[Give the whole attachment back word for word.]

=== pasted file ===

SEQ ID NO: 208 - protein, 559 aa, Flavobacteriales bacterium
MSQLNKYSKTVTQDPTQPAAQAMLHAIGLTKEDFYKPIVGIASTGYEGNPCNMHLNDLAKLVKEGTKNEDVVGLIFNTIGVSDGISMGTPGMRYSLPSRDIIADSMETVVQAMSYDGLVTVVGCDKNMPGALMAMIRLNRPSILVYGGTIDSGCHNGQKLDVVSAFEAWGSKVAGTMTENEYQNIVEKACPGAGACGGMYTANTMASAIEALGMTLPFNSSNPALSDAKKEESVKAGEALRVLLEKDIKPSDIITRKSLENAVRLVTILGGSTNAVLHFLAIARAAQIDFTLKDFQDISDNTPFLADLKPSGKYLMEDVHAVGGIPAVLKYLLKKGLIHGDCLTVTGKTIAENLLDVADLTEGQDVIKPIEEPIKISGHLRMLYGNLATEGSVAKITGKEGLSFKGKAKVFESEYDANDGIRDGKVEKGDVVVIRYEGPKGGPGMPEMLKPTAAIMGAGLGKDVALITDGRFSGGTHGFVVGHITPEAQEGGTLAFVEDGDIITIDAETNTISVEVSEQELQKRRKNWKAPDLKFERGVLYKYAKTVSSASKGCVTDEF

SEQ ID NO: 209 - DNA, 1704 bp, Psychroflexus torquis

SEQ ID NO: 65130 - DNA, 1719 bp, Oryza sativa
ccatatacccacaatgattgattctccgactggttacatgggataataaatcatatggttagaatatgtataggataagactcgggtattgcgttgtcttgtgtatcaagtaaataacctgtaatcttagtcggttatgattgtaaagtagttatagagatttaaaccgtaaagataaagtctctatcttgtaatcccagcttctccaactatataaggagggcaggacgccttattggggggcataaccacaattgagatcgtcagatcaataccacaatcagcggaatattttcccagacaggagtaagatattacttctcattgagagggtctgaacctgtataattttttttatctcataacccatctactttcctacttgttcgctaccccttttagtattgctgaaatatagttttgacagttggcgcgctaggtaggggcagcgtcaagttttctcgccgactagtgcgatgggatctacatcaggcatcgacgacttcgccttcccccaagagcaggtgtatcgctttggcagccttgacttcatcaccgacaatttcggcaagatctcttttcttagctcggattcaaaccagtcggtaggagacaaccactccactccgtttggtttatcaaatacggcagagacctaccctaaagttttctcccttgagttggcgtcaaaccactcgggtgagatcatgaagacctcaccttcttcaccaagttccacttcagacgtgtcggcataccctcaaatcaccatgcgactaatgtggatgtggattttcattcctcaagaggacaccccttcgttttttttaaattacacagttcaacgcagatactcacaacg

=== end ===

SEQ ID NO: 208 - protein, 559 aa, Flavobacteriales bacterium
MSQLNKYSKTVTQDPTQPAAQAMLHAIGLTKEDFYKPIVGIASTGYEGNPCNMHLNDLAKLVKEGTKNEDVVGLIFNTIGVSDGISMGTPGMRYSLPSRDIIADSMETVVQAMSYDGLVTVVGCDKNMPGALMAMIRLNRPSILVYGGTIDSGCHNGQKLDVVSAFEAWGSKVAGTMTENEYQNIVEKACPGAGACGGMYTANTMASAIEALGMTLPFNSSNPALSDAKKEESVKAGEALRVLLEKDIKPSDIITRKSLENAVRLVTILGGSTNAVLHFLAIARAAQIDFTLKDFQDISDNTPFLADLKPSGKYLMEDVHAVGGIPAVLKYLLKKGLIHGDCLTVTGKTIAENLLDVADLTEGQDVIKPIEEPIKISGHLRMLYGNLATEGSVAKITGKEGLSFKGKAKVFESEYDANDGIRDGKVEKGDVVVIRYEGPKGGPGMPEMLKPTAAIMGAGLGKDVALITDGRFSGGTHGFVVGHITPEAQEGGTLAFVEDGDIITIDAETNTISVEVSEQELQKRRKNWKAPDLKFERGVLYKYAKTVSSASKGCVTDEF

SEQ ID NO: 209 - DNA, 1704 bp, Psychroflexus torquis

SEQ ID NO: 65130 - DNA, 1719 bp, Oryza sativa
ccatatacccacaatgattgattctccgactggttacatgggataataaatcatatggttagaatatgtataggataagactcgggtattgcgttgtcttgtgtatcaagtaaataacctgtaatcttagtcggttatgattgtaaagtagttatagagatttaaaccgtaaagataaagtctctatcttgtaatcccagcttctccaactatataaggagggcaggacgccttattggggggcataaccacaattgagatcgtcagatcaataccacaatcagcggaatattttcccagacaggagtaagatattacttctcattgagagggtctgaacctgtataattttttttatctcataacccatctactttcctacttgttcgctaccccttttagtattgctgaaatatagttttgacagttggcgcgctaggtaggggcagcgtcaagttttctcgccgactagtgcgatgggatctacatcaggcatcgacgacttcgccttcccccaagagcaggtgtatcgctttggcagccttgacttcatcaccgacaatttcggcaagatctcttttcttagctcggattcaaaccagtcggtaggagacaaccactccactccgtttggtttatcaaatacggcagagacctaccctaaagttttctcccttgagttggcgtcaaaccactcgggtgagatcatgaagacctcaccttcttcaccaagttccacttcagacgtgtcggcataccctcaaatcaccatgcgactaatgtggatgtggattttcattcctcaagaggacaccccttcgttttttttaaattacacagttcaacgcagatactcacaacg